It might not seem obvious, but there is a perfect time for you to add the citric acid to your bath bombs. Once the bicarbonate of soda and citric are mixed, you need to mould your mixture quite quickly. These two ingredients react and allow the mixture to bind.

Your other ingredients can all be added to the bicarbonate of soda, with no real impact. So get your colour, fragrance, other dry ingredients and any oils (if you are using them) combined with the bicarbonate before you even think about adding the citric acid.

How the professionals make super smooth bath bombs

The answer to this question is astoundingly simple. It comes down to the grade of citric acid you buy. Most citric acid is sold in granule form. This works just as well in the bath bombs, but you will get a rough finish. You may also see mottling or white parts on the bath bomb. This is because the granular nature of the citric acid cannot absorb the colour.

If you have bought granular citric acid and want super smooth bath bombs, you can use a coffee grinder to reduce it to powder. This works really well but can be very messy.

The easiest way to get an instant and amazing smooth finish is to buy citric acid powder. You may need to go to a cosmetic ingredients wholesaler to buy this, but it really is worth it. It makes an amazing difference to the texture and feel of your finished product.

Where to buy the best citric acid

If you want to know more about ingredients, check out our ingredients pages over on our sister site

Alternatively try a specialistic wholesale supplier like The Soap Kitchen or EazyColours to buy powder form

Plastic bauble bath bomb moulds – how to get the best out of them

Plastic moulds can be a bit hit & miss. You can get great results, but often too much pressure can make them crack and prolonged use can cause the surface to deteriorate. The flip side to this is that they are cheap and come in a wonderful variety of shapes.

Don’t apply too much pressure

Bath bomb mixture needs to be compressed when you are moulding. This is how it retains its shape when it is removed from the mould. This is really easy to do with metal moulds, but less so with rigid plastic. To get the best results, fill each half loosely with mixture and pile a little on top. Bring the two halves together and press, just enough to bring the mould together.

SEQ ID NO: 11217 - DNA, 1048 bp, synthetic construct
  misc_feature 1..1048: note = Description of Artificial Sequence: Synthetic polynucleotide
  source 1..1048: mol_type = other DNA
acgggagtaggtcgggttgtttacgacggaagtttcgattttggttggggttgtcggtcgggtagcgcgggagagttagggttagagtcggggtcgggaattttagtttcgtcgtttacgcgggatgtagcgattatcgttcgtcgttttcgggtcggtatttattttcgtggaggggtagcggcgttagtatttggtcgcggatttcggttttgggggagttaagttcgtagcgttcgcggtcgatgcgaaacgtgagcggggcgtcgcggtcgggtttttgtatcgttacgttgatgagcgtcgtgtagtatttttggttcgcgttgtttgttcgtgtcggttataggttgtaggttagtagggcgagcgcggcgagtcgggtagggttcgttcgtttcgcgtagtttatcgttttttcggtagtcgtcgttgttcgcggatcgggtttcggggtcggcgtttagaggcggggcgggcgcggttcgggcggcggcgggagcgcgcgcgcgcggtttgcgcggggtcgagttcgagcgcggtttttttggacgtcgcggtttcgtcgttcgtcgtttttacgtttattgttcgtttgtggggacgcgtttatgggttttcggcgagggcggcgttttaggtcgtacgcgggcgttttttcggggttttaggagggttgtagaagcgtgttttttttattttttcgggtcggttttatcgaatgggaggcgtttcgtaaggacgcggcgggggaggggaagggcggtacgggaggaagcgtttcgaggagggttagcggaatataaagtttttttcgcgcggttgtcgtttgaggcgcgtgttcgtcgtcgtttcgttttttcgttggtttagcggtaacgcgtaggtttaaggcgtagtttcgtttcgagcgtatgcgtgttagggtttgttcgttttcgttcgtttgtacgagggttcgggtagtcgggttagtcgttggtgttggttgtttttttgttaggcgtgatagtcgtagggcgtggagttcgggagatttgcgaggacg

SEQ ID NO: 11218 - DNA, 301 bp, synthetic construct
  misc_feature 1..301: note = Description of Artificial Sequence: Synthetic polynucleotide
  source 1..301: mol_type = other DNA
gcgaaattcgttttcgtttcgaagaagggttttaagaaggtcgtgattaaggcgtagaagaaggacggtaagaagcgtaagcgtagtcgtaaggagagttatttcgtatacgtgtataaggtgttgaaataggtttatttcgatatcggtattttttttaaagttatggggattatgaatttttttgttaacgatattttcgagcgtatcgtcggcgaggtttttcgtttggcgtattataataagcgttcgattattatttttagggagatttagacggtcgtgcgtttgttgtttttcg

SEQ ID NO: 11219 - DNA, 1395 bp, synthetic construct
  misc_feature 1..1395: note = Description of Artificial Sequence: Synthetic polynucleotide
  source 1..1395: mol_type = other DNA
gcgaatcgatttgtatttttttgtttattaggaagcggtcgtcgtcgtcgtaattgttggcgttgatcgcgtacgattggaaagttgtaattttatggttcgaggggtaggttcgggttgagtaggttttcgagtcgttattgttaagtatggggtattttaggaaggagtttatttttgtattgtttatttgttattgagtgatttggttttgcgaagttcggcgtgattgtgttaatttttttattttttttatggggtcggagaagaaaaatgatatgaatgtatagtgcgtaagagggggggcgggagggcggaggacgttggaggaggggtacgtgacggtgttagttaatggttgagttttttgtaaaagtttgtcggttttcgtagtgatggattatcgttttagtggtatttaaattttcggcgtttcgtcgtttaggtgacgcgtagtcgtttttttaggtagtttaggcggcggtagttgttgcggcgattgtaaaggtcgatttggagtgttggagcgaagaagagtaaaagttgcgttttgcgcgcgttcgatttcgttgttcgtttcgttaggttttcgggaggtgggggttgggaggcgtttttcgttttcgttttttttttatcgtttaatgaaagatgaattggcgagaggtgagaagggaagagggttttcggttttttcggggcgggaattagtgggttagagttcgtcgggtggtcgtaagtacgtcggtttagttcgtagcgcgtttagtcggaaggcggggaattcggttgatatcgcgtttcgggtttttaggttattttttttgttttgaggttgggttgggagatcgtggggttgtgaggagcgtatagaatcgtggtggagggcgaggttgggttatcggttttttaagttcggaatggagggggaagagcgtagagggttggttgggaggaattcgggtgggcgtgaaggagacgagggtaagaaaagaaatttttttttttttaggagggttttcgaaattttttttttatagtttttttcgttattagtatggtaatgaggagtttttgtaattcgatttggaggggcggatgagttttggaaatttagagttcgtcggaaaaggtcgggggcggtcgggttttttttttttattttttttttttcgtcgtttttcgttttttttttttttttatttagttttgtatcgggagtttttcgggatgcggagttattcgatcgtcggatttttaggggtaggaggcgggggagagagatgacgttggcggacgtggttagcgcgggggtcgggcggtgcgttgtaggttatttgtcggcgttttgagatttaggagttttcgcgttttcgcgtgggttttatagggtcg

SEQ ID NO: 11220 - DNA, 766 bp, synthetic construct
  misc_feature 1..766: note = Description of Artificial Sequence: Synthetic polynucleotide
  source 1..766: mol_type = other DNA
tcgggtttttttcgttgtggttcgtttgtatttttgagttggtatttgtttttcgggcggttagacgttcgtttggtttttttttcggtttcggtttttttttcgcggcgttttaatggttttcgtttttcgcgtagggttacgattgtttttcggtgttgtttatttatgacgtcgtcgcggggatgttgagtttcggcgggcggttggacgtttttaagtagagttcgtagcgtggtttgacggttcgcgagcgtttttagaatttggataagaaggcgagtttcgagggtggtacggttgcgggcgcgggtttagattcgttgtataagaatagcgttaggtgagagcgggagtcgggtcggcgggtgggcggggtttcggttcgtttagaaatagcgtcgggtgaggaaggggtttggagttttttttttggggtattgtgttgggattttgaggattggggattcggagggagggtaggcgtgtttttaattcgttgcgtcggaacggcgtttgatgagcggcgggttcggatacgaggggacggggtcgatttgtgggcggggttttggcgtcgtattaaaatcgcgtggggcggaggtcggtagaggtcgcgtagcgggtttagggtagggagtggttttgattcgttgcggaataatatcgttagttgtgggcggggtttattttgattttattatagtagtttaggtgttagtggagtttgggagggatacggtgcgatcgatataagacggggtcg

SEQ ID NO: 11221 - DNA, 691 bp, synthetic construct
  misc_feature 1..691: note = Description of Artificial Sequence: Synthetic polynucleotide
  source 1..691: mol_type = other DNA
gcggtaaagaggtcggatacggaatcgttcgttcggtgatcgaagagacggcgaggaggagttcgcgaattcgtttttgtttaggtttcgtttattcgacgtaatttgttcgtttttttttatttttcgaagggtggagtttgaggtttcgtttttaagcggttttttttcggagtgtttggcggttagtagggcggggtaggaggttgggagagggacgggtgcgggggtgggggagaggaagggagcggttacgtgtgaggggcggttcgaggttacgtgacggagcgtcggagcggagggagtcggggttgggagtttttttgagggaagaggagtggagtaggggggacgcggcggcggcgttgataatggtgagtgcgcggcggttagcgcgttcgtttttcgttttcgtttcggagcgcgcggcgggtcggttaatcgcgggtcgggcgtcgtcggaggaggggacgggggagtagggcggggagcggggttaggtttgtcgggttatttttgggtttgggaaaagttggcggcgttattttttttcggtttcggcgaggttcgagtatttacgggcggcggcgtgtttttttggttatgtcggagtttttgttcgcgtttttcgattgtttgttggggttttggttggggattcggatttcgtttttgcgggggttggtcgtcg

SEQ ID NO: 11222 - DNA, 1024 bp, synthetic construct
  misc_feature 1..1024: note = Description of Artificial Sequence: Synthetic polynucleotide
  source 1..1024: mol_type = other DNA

Use a spoon to tap on the mould – this will help break the vacuum/seal. Listen for a hollow sound, this will tell you the bath bomb has come away from the mould.

Bath bomb mix sticking to the mould?

Fragrance and essential oils can lead to degradation of the plastic over time. We tend to use these moulds about ten times before recycling them. You will know when they have reached the end of their life, because your bath bomb mixture will start to stick. You can get round this in the short term by sprinkling a little bicarbonate of soda in the mould before filling, but recycle soon after.

Great shaped bath bomb moulds!

Because the hard plastic moulds are so cheap, there is a great variety of shapes available. Whilst you can buy multipacks of individual shapes, buy a multipack to get variety. Doing this will give you an assortment of shapes from the same batch of mixture. Some of the moulds we’ve used are listed below.

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If you want to check out our ebooks and courses, head to our main site or get in touch with us here.

Amazing benefits of handmade soap

Handmade soap is a luxury that everyone can enjoy. There are many benefits of using it over other products.

Handmade soap is a luxury, but it has many benefits for your skin and health. For example, handmade soaps typically only contain natural ingredients which make them better for your skin and less likely to cause acne or dry patches on your skin. It also means that handmade soaps are hypoallergenic and safe for sensitive skin. It is perfect for when you’re dealing with allergies or just want something gentle to use on your body.

Natural ingredients in soap

Natural ingredients are the foundation of making soap. They act as emollients, humectants, anti-inflammatory agents and as emulsifiers.

Shea butter is a natural plant butter that can be extracted from the nuts of karite trees in Africa. It has various properties including being anti-inflammatory, conditioning hair and skin, and having antioxidant properties.

Olive oil is extracted from the fruit of the olive tree and is known for its ability to hydrate skin while reducing inflammation. Coconut oil is another ingredient that is found in many soaps for its moisturizing properties. Cocoa butter comes from cocoa beans (the fruit) and has moisturizing effects on both skin and hair because it contains palmitic acid which has an affinity for water molecules.

Chemical free soap

Artisan soap makers do not use chemicals, fillers or foaming agents in their soap. Shop bought soap is made in factories, where cheap ingredients are often used to cut costs. If you look at the ingredients label you will often find a long list of chemicals, rather than pure, natural ingredients. There is no need for these chemicals, soap is a centuries old product which can be easily made with naturally occurring raw ingredients. The difference between the two products is twofold; cost and quality.